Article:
• The bright colors of the set. Too bright. Too pink, purple and blue.
  • Jay’s blue suit and blue tie. He’s blending into the blue chair. Good thing he’s not wearing blue shoes.

What’s the say? YES to earlier nights and good laughs. Watch it at 10/9c every weeknight, or tune in when the guests are particularly interesting.

Filed under: Entertainment, Fall TV

Fall TV: Yes and No, Part 2


The Vampire Diaries (The CW): I thought this show was going to be lame, just because it seemed like the creators were trying to cash in on the obsession America has with vampires. Well, they were, but they did it successfully.

This show has fresh, young talent, a (fairly) unique storyline and lots of mystery. I actually jumped in fear at several parts. It’s like watching a scary movie!

What’s the say? YES
to the fabulous fresh faces and some seriously scary moments. What girl wouldn’t fall in love with Stefan (Paul Wesley) the good vampire, and Jeremy (Steven R. McQueen) the troubled teen? And guys will be falling in love with Elena (Nina Dobrev), who is a pleasure to see again after her departure from “Degrassi.”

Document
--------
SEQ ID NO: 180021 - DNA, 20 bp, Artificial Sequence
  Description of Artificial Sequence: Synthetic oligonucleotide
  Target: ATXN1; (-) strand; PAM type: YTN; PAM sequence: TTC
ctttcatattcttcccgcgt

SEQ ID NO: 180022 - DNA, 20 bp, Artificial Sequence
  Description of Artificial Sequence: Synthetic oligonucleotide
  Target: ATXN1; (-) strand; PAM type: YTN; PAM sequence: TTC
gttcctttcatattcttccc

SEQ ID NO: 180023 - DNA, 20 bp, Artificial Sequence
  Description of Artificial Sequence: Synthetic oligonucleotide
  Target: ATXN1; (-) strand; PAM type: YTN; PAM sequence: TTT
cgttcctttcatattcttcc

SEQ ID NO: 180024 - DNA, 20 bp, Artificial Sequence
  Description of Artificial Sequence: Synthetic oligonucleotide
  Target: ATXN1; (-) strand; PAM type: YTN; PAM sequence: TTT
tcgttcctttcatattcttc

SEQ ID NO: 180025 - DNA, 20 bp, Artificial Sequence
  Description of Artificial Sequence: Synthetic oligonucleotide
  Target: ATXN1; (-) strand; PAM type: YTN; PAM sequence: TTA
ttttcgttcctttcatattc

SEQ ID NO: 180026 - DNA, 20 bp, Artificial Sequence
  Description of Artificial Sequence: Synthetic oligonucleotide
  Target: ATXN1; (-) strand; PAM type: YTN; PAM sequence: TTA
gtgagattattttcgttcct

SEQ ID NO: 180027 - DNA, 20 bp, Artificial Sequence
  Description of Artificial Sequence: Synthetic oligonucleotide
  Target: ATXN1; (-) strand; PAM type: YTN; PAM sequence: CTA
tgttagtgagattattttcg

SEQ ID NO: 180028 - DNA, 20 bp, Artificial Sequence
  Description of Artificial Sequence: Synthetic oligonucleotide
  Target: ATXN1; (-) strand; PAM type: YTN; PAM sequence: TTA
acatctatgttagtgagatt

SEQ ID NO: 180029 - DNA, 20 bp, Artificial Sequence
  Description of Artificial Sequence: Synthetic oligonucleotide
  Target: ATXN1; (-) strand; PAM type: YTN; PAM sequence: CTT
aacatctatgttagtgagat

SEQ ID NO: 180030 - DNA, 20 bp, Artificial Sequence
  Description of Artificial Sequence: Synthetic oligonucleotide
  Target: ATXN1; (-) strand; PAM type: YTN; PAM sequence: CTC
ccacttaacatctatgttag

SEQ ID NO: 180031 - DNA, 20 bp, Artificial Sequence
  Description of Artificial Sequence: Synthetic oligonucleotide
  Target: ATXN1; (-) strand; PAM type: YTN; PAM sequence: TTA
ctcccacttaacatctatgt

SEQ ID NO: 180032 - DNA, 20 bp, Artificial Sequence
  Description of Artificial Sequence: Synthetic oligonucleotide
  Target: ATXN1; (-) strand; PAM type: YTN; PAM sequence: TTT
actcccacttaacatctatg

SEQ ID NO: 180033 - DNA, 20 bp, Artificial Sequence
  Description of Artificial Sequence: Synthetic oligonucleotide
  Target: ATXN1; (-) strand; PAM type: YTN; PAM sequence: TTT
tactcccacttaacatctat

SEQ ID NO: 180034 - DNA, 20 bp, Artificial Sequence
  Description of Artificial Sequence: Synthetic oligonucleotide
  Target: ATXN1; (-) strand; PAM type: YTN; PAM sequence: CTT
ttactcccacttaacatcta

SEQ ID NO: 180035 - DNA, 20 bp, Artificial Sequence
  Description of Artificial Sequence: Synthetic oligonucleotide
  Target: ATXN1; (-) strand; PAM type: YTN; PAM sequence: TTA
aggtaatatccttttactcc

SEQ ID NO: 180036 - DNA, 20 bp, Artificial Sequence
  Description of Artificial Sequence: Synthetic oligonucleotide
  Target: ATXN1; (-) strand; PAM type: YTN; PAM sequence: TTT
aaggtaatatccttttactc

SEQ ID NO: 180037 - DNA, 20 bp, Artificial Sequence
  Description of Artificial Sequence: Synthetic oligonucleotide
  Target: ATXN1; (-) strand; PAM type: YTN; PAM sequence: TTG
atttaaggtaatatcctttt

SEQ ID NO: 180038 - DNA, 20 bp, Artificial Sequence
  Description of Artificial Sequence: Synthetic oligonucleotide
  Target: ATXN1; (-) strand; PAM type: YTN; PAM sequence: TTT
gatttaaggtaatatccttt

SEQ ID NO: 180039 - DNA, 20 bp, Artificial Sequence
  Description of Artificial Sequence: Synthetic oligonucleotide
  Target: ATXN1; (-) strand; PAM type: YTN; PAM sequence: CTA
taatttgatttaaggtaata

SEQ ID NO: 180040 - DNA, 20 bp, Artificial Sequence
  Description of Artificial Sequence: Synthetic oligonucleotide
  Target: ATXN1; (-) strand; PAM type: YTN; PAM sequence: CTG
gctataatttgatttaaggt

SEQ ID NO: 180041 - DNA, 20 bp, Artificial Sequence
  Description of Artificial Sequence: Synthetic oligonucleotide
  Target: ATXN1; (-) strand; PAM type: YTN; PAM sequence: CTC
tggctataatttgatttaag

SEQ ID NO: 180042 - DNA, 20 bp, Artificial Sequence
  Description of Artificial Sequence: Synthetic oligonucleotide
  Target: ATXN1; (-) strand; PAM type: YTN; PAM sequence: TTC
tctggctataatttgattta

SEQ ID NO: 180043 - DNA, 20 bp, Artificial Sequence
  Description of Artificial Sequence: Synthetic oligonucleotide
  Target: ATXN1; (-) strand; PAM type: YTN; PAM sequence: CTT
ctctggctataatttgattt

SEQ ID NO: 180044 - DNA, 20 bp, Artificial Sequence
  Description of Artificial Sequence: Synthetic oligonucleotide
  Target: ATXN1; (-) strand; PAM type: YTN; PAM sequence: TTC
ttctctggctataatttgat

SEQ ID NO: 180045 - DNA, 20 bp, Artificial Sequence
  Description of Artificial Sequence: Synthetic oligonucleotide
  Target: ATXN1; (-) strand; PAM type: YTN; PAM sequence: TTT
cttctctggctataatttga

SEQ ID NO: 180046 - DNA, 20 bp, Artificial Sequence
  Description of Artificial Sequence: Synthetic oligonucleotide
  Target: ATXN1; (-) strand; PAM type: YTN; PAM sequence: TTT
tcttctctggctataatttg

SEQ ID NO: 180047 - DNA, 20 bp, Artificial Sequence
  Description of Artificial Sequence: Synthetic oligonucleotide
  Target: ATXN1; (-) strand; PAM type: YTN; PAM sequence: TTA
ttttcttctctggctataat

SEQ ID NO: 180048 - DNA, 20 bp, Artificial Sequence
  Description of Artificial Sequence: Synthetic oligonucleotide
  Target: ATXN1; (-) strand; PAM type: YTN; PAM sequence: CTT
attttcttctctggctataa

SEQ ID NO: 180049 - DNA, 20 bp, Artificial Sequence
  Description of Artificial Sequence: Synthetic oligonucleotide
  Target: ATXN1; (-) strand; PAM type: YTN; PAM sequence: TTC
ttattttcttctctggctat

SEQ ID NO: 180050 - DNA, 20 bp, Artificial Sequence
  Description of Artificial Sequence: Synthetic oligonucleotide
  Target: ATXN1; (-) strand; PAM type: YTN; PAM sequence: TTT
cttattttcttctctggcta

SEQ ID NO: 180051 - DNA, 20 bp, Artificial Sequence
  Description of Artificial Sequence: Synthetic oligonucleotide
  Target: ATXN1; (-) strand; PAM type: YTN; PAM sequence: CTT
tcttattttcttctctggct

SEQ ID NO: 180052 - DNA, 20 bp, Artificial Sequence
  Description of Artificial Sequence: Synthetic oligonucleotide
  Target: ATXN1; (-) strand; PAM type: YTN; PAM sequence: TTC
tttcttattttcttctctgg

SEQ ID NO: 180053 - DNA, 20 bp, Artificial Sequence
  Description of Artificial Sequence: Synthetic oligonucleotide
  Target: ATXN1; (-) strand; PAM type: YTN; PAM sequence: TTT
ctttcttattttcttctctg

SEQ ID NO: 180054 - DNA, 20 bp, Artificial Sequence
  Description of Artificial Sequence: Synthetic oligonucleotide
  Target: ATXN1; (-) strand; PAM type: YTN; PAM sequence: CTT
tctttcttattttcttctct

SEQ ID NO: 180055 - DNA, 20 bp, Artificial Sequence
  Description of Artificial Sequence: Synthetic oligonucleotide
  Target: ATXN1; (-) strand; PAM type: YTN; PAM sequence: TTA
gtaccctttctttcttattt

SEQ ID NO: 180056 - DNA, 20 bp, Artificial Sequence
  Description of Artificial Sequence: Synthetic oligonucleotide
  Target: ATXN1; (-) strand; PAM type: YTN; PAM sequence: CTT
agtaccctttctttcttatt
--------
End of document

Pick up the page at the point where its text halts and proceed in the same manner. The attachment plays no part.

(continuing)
Watch it Thursdays at 8/7c, or online starting on Sundays at

Filed under: Entertainment, Fall TV

Fall TV: Yes and No, and where to watch

Surprisingly enough, I’ve devoted some time to a few of the new series and seasons on this fall’s TV menu which offers an overwhelming number of choices. Here are the Yes’s, the No’s, and the answers to where to watch (and when), if at all:

Glee (FOX): I first heard about Glee months ago when the pilot aired. I didn’t pay much attention, though, because I was baffled by the idea of showing a pilot episode months before the real start to the series. I also didn’t pay attention because it seemed like it would High School Musical: The TV Series.